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Thrombi in fetal vasculature. Umbilical cord Villous stem vessel Fetal Vascular Obstruction/Fetal Thrombotic Vasculopathy

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Thrombi in fetal vasculature.

Umbilical cord Villous stem vessel

Fetal Vascular Obstruction/Fetal Thrombotic Vasculopathy

Fibrinoid necrosis/thrombosis Intimal fibrin (endothelial) thrombus (cushion)

Fetal Vascular Obstruction/Fetal Thrombotic Vasculopathy

Intimal mural fibrin thrombus (endothelial cushion)

Remote and acute chorionic plate vessel injury (fibrinoid necrosis/thrombus and calcification)

Fetal Vascular Obstruction/Fetal Thrombotic Vasculopathy

Thrombus and vascular wall injury/repair (intimal fibrin cushion)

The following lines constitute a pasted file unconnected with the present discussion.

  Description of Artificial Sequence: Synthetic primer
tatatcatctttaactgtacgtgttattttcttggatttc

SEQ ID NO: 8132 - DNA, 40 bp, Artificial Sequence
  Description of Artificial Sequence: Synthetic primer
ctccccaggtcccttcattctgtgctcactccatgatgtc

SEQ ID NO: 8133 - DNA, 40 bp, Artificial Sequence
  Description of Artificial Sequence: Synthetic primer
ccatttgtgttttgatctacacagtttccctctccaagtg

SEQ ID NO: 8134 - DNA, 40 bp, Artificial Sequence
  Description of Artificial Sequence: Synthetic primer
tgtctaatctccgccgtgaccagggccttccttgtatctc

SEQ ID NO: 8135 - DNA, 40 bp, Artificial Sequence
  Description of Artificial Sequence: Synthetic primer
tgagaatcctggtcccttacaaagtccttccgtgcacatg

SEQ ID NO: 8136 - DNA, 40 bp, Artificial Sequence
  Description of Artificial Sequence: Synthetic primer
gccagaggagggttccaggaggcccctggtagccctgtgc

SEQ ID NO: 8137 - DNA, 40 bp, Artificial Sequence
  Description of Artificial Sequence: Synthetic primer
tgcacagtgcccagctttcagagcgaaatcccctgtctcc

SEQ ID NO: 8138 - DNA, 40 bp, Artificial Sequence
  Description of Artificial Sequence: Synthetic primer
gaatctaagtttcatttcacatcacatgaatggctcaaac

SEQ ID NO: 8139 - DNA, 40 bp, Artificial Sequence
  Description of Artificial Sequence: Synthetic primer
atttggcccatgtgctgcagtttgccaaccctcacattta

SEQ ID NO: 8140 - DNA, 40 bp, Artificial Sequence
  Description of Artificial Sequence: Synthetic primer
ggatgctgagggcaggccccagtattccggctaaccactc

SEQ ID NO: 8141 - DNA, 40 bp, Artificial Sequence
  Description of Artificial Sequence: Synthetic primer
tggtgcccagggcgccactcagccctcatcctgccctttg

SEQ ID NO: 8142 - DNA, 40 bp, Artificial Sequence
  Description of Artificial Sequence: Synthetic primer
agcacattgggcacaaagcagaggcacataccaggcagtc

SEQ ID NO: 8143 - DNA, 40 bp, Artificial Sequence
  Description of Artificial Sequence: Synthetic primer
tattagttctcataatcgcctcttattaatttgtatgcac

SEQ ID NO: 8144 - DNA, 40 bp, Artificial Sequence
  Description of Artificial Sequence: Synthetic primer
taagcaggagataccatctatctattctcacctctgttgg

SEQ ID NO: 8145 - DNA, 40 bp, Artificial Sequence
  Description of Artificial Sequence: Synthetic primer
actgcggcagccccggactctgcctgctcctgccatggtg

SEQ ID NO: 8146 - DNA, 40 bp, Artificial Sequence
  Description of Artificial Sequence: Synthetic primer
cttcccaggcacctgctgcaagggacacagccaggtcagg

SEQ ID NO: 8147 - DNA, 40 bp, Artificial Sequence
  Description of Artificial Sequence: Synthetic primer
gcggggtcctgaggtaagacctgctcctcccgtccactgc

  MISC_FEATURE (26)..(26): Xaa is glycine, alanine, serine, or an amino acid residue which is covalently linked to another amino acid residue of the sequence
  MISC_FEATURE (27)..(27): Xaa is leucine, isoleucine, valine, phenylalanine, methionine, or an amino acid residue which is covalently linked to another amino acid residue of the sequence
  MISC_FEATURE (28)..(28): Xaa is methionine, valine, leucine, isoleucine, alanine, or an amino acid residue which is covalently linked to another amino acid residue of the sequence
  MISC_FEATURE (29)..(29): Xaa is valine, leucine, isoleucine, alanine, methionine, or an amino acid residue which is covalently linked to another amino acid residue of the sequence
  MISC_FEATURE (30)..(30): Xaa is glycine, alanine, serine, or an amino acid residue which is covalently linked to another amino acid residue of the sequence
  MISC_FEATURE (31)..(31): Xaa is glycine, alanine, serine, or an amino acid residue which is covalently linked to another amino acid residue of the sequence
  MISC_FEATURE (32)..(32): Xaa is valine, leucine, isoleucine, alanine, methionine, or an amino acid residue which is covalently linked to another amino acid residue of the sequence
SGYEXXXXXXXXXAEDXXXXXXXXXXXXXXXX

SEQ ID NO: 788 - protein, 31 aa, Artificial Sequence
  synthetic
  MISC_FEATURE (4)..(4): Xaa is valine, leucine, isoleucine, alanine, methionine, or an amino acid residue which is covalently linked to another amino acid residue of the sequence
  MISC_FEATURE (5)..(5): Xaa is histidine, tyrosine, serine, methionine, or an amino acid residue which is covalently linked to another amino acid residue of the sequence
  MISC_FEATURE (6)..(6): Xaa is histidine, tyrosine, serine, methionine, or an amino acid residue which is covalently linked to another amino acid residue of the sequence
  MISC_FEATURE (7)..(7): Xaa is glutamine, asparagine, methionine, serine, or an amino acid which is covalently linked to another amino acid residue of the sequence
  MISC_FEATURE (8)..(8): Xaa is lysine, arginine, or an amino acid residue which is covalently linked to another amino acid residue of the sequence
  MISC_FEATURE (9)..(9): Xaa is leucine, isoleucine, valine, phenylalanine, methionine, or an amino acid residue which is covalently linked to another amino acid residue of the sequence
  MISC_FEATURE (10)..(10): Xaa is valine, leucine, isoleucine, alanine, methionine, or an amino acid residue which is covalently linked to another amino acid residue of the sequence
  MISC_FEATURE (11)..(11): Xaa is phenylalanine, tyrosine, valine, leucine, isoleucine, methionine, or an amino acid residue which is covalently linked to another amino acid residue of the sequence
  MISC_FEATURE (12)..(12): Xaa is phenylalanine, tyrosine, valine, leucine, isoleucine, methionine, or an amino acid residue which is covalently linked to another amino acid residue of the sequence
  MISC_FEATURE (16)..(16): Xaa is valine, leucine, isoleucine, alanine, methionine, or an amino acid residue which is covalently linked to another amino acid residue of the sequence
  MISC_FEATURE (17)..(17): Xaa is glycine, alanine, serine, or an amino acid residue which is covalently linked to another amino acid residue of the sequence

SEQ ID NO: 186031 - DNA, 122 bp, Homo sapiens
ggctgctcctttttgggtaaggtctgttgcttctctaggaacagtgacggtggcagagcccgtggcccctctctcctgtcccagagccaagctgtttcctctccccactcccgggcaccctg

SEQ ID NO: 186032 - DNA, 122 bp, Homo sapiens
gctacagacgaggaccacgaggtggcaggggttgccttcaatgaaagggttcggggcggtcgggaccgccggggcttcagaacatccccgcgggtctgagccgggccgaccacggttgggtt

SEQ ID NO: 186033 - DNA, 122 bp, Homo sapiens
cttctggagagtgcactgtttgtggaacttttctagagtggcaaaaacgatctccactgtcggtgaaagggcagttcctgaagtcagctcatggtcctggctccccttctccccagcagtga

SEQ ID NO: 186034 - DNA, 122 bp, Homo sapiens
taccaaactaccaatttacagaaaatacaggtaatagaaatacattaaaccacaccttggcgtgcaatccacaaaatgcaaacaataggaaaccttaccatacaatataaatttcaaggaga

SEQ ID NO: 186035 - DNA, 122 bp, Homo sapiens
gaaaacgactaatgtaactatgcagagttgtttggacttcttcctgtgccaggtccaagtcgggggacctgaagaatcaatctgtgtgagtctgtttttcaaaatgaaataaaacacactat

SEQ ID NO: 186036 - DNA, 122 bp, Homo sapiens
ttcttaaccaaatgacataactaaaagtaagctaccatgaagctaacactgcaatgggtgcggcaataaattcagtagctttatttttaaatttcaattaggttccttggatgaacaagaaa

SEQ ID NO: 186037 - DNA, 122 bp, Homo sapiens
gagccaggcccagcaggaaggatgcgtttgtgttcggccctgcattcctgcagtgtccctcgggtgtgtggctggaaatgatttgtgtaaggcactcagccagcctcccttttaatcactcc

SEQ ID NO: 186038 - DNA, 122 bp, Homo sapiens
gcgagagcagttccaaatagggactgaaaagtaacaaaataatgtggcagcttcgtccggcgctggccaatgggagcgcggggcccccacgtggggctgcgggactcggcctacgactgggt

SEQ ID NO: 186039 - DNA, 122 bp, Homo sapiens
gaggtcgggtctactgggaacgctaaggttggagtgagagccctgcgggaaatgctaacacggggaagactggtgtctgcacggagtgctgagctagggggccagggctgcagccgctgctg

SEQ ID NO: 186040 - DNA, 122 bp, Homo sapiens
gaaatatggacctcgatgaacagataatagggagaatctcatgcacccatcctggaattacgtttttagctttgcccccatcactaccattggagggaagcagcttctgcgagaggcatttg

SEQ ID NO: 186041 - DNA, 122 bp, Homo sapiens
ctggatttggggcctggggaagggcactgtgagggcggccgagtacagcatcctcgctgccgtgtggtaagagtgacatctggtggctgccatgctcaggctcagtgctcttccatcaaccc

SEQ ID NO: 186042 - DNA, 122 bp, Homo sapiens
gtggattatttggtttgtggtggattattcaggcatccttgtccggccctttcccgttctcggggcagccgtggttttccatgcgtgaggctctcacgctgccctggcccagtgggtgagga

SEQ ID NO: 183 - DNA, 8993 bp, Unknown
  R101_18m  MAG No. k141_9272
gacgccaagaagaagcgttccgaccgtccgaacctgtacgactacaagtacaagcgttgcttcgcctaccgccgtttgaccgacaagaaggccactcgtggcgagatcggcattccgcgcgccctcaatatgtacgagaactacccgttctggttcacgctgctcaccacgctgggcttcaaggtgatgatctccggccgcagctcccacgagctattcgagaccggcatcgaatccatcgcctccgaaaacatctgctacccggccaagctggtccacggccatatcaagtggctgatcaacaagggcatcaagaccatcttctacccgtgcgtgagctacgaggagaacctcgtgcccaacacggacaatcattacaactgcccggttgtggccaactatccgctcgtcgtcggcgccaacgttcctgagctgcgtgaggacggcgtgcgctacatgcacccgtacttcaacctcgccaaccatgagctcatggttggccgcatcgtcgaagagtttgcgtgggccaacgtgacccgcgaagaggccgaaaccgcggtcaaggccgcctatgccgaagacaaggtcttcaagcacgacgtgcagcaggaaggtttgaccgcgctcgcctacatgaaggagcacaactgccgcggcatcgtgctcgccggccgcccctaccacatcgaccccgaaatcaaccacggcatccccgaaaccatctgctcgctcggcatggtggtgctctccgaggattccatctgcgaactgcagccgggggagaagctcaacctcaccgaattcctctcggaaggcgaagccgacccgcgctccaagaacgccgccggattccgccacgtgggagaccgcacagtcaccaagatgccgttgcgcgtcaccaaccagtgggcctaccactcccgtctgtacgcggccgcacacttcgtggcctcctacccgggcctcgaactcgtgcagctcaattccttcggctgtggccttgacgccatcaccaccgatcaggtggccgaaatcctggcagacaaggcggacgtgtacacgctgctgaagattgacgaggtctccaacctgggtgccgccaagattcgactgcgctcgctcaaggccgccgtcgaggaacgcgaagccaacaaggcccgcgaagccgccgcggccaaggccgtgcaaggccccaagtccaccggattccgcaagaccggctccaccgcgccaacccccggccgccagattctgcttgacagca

Fetal Vascular Obstruction/Fetal Thrombotic Vasculopathy

Early thrombus (hemorrhagic endovasculitis) and recanalization

Fetal Vascular Obstruction/Fetal Thrombotic Vasculopathy

Villous stromal-vascular karyorrhexis

Villous stromal-vascular karyorrhexis

Fetal Vascular Obstruction/Fetal Thrombotic Vasculopathy

Avascular villi

Fetal Vascular Obstruction/ Fetal Thrombotic Vasculopathy

FINDINGS CONSISTENT WITH FETAL VASCULAR OBSTRUCTION (INCLUDING FETAL THROMBOTIC VASCULOPATHY) VASCULAR LESIONS:

-THROMBI INVOLVING CHORIONIC PLATE VESSELS/STEM VESSELS. -ACUTE/SUBACUTE/REMOTE MURAL INTIMAL FIBRIN THROMBI (ENDOTHELIAL CUSHIONS) INVOLVING CHORIONIC PLATE/STEM VESSELS. -RECANALIZED LUMENS INVOLVING CHORIONIC PLATE/STEM VESSELS.

VILLOUIS CHANGES:

-VILLOUS STROMAL-VASCULAR KARYORRHEXIS. -EXCLUSIVELY SMALL FOCI. -VARIABLY SIZED FOCI. -AVASCULAR VILLI. -EXCLUSIVELY SMALL FOCI. -VARIABLY SIZED FOCI. -GREATER THAN 45 AVASCULAR VILLI (3 FOCI OF MORE THAN 15 VILLI EACH)